Sure, Delver may clearly be the best deck and close to overpowering, but as long as people are still showing up to play Wizards has a hard time justifying upsetting a portion of its player base by banning cards. I won’t go so far as to say it was absolutely the correct decision, but I think it’s probably fine, and it will only be another few months of Ponder and Vapor Snag anyway.
No bannings means you can feel confident picking up more Restoration Angel, as the card is obviously very good and now in no danger of losing its status as a go-to card in the best deck. It also means the cards that would stand to get better with bannings, like Primeval Titan, need to go asap.
Now let’s look at M13, the newest Core Set coming out. With the Duels of the Planeswalkers game releasing yesterday, previews are coming in earlier than usual. I’ll have my usual full review here in a few weeks, but I wanted to touch on the two new Planeswalkers we’ve had spoiled so far. If you’re not a spoiler person (do those people still exist, even?) then don’t read on.
Let’s start with Liliana. She’s a four-cast gal who comes down with three loyalty like our old buddy Jace. To start off, I see a few obvious problems with the card. It’s not that she can’t protect herself, exactly, but a lot of the time you’ll just be paying 4 mana to shoot one of their guys, in which case an actual removal spell is obviously better. She has more applications in a control deck, but I can’t see a ton of decks wanting to maindeck Liliana outside of something like a Control mirror where all that matters is hitting your land drops.
Now we get to the Ultimate. Except we don’t. Never judge a Planeswalker by their ultimate. Ever. In this case, the Ultimate is extremely underwhelming, and does very little to win you the game on its own. That’s pretty bad.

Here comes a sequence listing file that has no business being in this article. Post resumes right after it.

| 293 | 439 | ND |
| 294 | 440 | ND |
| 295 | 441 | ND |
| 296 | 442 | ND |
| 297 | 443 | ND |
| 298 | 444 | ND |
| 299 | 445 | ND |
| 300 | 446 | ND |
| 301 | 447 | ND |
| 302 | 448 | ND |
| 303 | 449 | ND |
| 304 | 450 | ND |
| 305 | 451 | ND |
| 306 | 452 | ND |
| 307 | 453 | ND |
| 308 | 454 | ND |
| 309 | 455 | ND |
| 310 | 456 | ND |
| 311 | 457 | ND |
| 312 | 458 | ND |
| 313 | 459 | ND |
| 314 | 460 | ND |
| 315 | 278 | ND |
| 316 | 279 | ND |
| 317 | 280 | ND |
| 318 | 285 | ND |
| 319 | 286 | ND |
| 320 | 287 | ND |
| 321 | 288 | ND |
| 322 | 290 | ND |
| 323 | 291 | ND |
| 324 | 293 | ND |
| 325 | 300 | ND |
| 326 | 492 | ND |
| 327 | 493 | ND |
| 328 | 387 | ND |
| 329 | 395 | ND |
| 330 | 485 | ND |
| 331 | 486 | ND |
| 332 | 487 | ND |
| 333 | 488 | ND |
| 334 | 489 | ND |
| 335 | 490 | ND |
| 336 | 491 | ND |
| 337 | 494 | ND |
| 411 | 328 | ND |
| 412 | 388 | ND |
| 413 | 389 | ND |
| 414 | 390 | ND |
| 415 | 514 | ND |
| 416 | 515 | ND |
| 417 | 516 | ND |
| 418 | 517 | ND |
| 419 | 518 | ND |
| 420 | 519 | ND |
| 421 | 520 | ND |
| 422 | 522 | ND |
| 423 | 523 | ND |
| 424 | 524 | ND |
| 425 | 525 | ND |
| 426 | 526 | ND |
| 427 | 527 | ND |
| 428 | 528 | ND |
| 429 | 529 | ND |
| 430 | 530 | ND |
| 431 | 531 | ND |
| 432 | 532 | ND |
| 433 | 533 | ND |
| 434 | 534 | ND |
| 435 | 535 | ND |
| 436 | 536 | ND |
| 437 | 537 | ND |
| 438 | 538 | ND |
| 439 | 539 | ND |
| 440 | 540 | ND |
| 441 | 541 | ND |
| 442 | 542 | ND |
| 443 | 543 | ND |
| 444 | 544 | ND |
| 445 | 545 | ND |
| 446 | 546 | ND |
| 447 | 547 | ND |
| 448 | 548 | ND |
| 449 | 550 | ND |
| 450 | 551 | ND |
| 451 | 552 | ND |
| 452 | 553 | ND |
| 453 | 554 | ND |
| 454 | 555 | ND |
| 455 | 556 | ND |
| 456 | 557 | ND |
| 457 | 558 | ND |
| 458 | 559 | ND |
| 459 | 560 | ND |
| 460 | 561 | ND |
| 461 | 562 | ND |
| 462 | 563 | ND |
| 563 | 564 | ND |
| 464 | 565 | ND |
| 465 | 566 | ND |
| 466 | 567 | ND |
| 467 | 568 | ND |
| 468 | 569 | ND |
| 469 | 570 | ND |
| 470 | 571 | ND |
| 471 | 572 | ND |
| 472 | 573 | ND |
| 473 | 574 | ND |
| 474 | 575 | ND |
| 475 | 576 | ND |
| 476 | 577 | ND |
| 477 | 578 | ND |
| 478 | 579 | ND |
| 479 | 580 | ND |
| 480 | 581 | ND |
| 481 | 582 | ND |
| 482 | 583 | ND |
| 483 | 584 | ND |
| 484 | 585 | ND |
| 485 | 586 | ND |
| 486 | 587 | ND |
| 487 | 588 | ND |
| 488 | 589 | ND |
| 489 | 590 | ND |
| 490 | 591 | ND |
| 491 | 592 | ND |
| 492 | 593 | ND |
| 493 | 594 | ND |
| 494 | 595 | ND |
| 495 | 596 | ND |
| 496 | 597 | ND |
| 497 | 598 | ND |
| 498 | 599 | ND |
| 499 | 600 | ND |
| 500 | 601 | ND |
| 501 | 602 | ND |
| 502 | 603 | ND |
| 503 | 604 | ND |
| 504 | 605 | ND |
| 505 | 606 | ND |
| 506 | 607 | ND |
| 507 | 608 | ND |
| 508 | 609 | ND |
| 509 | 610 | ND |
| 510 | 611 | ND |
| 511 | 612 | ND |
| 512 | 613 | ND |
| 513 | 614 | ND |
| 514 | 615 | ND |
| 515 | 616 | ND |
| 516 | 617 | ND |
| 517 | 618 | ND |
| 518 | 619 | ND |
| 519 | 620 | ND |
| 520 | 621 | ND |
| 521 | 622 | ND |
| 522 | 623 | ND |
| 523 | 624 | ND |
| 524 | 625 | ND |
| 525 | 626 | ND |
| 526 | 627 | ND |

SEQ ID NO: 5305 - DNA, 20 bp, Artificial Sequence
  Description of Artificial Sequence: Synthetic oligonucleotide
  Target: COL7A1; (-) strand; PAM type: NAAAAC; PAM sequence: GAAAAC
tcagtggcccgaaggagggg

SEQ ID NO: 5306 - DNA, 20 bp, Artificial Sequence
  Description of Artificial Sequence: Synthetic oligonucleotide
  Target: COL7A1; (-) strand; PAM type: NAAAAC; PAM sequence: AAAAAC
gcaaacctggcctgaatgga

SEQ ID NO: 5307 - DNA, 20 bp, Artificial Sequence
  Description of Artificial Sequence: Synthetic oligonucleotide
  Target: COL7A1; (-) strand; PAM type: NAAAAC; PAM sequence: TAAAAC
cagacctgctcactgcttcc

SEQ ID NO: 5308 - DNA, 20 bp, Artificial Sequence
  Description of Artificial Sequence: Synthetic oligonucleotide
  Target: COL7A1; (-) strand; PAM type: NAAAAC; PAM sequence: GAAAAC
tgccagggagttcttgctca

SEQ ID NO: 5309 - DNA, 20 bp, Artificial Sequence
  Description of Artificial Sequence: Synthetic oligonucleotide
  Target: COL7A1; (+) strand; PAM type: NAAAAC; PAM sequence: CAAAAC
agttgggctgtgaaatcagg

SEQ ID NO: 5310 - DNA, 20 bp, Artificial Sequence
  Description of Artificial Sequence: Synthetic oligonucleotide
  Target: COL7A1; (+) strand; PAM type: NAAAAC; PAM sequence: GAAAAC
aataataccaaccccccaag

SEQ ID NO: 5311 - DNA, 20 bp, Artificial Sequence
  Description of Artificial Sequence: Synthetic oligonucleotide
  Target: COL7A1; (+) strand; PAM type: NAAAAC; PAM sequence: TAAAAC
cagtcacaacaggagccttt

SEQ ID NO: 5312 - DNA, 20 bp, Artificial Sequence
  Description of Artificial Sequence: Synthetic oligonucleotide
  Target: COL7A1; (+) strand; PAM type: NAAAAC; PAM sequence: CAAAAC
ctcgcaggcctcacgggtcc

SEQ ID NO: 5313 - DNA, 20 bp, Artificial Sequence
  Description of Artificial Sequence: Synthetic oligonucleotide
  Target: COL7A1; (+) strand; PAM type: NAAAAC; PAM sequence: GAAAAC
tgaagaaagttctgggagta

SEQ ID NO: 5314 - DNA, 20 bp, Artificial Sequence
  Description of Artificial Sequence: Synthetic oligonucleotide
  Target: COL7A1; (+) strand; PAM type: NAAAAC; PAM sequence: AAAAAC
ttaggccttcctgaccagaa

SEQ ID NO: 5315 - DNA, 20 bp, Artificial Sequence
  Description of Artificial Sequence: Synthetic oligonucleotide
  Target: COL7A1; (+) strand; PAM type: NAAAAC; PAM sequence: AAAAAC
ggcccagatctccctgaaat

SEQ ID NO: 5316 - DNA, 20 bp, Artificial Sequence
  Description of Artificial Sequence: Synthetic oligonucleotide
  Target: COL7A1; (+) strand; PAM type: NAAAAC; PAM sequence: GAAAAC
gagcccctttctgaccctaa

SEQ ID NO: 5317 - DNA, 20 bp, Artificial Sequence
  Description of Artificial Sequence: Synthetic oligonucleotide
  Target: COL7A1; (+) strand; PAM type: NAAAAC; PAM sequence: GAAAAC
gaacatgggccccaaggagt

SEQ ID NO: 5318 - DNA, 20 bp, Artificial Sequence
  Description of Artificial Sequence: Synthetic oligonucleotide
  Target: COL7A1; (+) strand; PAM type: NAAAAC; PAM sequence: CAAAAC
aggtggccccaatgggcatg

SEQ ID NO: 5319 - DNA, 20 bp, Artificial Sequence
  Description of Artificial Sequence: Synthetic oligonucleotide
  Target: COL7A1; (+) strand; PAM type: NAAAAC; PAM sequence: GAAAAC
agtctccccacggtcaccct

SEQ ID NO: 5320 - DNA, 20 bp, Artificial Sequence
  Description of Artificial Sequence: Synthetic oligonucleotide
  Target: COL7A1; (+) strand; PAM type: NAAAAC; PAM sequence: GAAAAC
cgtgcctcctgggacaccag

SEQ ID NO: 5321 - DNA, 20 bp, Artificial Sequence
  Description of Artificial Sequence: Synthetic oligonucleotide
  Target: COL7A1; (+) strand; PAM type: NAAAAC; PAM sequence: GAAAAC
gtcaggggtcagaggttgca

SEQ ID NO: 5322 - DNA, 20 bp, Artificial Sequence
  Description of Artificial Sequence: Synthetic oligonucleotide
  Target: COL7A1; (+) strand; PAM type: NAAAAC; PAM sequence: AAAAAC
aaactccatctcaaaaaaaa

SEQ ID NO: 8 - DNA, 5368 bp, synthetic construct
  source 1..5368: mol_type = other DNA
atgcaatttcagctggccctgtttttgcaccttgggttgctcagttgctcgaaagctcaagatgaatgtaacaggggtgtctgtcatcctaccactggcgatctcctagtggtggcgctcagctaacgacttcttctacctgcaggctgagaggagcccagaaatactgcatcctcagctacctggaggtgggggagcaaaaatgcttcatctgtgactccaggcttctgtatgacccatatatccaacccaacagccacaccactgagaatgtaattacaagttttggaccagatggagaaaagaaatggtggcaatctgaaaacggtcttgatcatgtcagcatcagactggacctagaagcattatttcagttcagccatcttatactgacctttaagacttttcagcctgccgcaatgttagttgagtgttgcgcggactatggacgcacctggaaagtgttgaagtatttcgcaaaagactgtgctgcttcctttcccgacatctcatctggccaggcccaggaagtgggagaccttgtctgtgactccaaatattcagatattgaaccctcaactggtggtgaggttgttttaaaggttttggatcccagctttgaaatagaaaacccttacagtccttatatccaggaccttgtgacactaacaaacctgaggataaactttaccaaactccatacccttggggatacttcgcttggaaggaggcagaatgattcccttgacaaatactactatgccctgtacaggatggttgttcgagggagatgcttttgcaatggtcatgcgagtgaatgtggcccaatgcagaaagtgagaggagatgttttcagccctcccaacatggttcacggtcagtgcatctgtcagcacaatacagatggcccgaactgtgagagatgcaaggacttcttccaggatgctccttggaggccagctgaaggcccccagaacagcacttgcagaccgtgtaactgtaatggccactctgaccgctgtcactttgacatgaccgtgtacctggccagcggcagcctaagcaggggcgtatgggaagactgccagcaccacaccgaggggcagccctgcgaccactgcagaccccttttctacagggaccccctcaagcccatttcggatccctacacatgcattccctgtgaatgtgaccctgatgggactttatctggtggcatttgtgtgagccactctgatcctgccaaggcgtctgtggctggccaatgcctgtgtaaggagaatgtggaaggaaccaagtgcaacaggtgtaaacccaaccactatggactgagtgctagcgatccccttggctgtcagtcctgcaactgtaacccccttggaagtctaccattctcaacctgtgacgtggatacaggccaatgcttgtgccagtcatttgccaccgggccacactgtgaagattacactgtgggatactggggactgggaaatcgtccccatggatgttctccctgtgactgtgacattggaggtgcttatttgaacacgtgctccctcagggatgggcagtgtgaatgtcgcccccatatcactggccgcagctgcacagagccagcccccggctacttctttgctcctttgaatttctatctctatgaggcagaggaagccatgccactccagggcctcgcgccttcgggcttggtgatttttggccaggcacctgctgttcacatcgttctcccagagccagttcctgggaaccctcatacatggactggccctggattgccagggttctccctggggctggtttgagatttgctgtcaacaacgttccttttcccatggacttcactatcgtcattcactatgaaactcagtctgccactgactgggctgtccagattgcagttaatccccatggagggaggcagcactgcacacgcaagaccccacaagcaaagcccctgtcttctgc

Price-wise, I see a similar trend to Jace, Memory Adept. Popular for casual players and EDH groups and a fringe contender in Standard. $10-16 is what I think now, assuming Shocklands in either M13 or Return to Ravnica and nothing else groundbreaking out of the set.
Now the big one. Imagine this sequence of plays, since it’s going to happen to you. I play a mana dork on Turn 1 and pass to you. You play your Shockland tapped. I play a Planeswalker with 5 Loyalty and ship the turn.
Sound bad? It is. The new Ajani doesn’t protect itself very well either, but it comes down so early and with so much loyalty that it can easily overcome that shortcoming. It makes your Birds big enough to trade with Delvers or pumps up your Champion of the Parish the turn it comes down.
It also has the ability to almost instantly end a game with its powerful -3 ability, not to mention sticking around afterward. Wizards really pushed this card, and while I don’t think it’s another Jace, it will probably settle around $20-30 in the end.
That’s where I’m at on the two big cards of the set, without knowing the full contents of M13. There’s also still a hole in the land cycle, setting us up for a possible reprint of shocks, probably the allied color ones I’ve been calling for a year in a half. What is almost certainly true is that there will be something new, since the lands haven’t been revealed and the old Glacial Fortress cycle would likely be spoiled by now. All the Farseek-type cards just reinforce my point.
There’s also the lingering question of Noble Hierarch. It’s a perfect opportunity for Wizards to reprint it, but the card could be too powerful for Standard. Hierarch is obviously great since it’s played all the way back to Legacy, and is even a Human to go into the GW Human decks. Of course, Hierarch into Geist into something dumb isn’t very fun for either side, so we’ll see what happens. One thing is for sure – it’s going to be an interesting next few weeks.
Thanks for reading,
@Chosler88 on Twitter